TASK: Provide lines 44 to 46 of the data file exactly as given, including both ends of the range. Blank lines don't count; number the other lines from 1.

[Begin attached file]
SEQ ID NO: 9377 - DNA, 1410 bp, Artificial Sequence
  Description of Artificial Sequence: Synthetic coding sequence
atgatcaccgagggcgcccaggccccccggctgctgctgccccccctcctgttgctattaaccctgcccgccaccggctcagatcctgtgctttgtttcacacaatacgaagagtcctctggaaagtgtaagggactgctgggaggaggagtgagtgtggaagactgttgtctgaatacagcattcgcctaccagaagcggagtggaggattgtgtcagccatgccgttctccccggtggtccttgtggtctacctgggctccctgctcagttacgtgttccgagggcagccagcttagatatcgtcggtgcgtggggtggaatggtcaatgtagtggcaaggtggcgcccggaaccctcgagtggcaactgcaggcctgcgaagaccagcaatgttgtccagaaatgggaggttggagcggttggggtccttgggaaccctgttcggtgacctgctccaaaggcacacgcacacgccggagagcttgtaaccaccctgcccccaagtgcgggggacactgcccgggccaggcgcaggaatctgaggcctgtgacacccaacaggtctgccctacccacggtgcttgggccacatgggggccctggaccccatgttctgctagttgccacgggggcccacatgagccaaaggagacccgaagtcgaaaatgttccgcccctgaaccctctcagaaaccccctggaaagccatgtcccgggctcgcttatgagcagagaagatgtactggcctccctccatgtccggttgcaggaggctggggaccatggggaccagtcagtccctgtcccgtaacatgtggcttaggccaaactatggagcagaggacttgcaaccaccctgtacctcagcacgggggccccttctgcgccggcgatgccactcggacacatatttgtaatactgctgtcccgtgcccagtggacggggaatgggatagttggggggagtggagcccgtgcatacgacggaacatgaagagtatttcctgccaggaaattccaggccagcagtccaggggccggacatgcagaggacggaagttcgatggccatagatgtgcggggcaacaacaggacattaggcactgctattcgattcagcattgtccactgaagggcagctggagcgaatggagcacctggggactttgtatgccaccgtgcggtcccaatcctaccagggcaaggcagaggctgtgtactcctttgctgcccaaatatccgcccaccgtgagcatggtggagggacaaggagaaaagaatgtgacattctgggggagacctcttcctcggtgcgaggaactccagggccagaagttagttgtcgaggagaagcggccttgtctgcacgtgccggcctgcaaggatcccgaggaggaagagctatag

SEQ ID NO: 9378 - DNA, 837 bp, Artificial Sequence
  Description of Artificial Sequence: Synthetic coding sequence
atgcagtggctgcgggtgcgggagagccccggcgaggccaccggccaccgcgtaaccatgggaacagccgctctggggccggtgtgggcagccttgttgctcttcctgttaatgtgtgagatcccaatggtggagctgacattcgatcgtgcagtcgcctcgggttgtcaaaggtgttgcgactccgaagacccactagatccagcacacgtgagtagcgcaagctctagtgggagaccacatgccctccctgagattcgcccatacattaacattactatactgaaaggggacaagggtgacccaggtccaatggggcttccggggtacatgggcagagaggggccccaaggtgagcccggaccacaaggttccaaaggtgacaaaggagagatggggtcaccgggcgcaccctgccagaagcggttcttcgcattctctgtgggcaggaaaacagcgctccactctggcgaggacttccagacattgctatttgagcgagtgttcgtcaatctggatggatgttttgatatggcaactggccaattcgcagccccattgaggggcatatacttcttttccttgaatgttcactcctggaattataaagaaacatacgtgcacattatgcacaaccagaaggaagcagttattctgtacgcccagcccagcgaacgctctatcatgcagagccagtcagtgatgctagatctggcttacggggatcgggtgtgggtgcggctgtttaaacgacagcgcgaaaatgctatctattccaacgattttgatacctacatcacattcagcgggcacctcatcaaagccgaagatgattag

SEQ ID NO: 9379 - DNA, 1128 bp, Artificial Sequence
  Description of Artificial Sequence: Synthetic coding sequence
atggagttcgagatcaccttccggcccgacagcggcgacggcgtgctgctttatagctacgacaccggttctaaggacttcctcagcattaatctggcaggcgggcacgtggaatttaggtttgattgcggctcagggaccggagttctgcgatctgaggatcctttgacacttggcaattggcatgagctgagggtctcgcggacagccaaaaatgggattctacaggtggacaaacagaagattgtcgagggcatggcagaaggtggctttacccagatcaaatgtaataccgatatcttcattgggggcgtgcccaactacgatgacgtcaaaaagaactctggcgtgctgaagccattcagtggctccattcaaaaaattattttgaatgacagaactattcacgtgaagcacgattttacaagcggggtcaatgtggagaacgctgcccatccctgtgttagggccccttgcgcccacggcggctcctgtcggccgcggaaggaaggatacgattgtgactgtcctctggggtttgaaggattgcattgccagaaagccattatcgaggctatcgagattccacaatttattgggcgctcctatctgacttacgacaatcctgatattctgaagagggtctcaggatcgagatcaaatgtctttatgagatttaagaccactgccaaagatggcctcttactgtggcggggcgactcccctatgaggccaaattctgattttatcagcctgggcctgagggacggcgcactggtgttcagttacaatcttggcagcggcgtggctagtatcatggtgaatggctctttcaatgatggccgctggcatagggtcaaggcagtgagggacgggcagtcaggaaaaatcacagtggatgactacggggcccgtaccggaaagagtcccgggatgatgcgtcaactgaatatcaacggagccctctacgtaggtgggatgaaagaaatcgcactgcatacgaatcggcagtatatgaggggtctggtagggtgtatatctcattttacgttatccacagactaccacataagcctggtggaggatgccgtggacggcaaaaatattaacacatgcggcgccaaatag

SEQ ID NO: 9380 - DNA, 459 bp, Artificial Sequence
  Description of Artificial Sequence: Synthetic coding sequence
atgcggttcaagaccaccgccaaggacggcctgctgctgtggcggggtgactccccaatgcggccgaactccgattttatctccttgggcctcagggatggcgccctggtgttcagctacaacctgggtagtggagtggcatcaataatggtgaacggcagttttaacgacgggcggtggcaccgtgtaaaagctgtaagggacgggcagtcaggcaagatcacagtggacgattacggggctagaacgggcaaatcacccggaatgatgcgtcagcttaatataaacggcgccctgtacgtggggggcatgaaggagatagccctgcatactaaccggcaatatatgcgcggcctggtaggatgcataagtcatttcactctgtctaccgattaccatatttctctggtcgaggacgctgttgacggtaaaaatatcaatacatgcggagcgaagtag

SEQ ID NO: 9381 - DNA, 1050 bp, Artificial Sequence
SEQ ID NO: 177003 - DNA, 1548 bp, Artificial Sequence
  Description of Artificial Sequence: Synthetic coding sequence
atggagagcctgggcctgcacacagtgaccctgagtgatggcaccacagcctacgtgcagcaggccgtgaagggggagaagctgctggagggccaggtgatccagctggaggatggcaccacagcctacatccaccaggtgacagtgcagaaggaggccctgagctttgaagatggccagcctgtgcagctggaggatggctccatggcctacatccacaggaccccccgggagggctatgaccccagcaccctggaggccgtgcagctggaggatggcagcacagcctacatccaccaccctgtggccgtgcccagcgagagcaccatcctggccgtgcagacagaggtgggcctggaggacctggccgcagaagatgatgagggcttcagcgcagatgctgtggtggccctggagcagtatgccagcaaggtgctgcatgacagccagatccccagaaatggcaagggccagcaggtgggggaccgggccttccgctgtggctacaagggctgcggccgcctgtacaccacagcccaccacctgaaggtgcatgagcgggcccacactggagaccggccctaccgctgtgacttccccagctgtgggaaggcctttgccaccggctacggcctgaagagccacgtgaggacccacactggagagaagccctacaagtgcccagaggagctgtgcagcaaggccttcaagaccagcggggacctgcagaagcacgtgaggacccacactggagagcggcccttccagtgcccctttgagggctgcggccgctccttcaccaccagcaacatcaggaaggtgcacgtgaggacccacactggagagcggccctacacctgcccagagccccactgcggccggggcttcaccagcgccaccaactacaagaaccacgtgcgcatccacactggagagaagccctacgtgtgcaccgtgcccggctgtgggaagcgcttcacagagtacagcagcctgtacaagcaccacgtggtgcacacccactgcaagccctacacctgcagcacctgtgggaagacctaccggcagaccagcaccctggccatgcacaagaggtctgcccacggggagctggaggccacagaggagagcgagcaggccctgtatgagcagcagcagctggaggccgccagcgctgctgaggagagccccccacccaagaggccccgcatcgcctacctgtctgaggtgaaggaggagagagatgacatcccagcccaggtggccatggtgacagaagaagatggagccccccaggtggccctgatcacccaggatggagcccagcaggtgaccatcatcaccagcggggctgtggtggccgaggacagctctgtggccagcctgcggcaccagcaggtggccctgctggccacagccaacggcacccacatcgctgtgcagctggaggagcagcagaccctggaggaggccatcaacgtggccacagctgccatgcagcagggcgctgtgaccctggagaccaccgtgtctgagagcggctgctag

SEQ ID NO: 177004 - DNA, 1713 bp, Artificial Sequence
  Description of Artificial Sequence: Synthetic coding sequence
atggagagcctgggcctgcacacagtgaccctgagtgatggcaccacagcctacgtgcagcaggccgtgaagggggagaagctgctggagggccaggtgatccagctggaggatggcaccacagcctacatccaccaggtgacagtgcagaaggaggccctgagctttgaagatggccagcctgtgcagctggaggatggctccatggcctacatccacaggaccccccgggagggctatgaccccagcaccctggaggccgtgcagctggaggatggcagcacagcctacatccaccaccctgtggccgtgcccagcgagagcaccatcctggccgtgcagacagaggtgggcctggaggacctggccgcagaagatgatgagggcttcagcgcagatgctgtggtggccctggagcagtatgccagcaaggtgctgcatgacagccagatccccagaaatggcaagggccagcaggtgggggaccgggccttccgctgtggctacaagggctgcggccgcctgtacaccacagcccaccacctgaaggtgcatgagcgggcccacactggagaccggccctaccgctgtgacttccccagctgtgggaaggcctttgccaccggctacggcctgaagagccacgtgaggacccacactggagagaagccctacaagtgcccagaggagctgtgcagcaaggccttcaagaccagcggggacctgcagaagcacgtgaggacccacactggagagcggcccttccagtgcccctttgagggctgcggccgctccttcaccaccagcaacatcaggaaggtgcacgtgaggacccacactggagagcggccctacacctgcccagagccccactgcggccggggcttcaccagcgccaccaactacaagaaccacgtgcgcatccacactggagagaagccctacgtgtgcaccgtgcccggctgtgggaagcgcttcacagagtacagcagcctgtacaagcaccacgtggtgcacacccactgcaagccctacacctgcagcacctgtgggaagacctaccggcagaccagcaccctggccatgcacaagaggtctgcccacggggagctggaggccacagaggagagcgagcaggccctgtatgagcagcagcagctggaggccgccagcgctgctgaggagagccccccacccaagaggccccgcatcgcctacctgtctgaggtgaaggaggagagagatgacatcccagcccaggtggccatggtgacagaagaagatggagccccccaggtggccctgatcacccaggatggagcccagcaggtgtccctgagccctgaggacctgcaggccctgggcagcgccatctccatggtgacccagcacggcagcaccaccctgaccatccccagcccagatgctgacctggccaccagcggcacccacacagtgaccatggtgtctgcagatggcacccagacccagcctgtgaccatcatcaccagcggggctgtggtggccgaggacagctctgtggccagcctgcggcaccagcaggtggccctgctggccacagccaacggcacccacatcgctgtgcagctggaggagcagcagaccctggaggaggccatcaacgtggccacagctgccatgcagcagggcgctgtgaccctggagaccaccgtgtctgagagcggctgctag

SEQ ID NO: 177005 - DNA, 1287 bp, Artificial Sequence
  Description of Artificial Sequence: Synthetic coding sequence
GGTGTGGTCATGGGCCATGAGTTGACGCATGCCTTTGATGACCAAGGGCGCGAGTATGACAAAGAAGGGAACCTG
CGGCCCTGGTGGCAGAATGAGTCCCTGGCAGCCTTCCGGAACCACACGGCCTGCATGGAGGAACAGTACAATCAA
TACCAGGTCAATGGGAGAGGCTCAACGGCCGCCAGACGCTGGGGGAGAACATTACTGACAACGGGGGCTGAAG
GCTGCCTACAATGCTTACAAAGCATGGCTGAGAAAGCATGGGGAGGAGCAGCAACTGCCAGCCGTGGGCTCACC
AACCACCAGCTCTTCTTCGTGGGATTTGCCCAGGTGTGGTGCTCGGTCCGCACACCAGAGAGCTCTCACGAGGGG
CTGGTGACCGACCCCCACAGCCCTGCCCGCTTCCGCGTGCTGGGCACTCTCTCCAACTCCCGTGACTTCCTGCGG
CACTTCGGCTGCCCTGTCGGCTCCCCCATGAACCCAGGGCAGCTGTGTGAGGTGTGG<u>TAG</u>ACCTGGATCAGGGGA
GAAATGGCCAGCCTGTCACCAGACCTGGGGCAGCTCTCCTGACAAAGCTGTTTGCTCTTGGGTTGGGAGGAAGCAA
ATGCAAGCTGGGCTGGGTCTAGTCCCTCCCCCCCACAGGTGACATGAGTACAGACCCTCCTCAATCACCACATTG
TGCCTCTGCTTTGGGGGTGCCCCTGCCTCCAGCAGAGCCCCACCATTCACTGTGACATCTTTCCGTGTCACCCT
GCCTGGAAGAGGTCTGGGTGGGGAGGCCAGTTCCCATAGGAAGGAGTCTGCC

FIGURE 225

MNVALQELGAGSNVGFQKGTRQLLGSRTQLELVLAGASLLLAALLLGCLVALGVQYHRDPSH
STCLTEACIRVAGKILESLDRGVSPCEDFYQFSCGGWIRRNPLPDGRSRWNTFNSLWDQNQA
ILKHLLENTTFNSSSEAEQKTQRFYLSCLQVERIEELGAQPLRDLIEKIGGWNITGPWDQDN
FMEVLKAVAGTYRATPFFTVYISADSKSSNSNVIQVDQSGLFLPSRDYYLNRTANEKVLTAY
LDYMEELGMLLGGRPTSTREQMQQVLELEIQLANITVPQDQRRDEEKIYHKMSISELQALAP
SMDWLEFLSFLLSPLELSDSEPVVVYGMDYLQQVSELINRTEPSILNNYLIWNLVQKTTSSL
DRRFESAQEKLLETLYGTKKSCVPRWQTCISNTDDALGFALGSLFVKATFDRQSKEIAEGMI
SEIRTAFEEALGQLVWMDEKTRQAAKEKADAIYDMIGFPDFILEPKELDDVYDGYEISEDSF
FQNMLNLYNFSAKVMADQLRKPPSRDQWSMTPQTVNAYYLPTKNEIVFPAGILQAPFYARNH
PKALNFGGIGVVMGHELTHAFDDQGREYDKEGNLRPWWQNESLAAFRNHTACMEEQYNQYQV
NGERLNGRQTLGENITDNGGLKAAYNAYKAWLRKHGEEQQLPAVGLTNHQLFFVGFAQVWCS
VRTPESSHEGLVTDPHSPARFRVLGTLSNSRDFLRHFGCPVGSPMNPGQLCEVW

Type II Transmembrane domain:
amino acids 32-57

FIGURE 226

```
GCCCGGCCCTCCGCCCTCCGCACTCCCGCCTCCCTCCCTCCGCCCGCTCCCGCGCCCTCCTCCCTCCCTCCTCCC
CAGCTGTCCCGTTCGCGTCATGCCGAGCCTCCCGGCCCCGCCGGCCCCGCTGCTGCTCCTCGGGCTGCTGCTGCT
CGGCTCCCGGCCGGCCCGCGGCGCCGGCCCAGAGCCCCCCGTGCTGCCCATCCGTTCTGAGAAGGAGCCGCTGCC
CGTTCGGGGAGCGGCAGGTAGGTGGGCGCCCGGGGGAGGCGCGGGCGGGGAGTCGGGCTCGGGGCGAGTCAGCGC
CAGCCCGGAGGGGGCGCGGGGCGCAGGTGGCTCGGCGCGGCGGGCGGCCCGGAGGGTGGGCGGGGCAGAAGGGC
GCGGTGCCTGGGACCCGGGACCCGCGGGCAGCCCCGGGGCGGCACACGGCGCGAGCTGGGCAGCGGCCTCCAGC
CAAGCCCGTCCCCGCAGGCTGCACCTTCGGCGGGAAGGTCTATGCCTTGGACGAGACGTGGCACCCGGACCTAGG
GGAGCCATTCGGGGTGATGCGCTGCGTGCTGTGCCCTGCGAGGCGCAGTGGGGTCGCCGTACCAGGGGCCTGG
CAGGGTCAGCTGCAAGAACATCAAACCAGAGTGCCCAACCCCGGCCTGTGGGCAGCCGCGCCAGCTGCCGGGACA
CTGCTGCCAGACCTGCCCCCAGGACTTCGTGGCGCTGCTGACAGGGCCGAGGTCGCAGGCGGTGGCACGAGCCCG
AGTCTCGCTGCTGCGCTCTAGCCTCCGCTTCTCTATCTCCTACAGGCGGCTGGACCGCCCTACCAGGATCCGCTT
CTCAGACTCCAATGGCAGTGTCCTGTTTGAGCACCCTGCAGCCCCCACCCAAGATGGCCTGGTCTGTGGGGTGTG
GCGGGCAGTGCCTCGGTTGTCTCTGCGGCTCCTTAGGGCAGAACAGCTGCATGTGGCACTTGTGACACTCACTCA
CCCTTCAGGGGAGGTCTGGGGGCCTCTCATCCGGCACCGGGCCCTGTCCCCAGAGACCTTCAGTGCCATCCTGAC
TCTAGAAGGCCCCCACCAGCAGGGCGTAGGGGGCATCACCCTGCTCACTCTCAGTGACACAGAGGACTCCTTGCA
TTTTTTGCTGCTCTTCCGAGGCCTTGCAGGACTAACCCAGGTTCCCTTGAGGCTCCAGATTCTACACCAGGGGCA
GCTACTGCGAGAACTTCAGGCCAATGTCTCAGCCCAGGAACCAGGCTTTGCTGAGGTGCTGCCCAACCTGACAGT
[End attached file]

NGERLNGRQTLGENITDNGGLKAAYNAYKAWLRKHGEEQQLPAVGLTNHQLFFVGFAQVWCS
VRTPESSHEGLVTDPHSPARFRVLGTLSNSRDFLRHFGCPVGSPMNPGQLCEVW

Type II Transmembrane domain: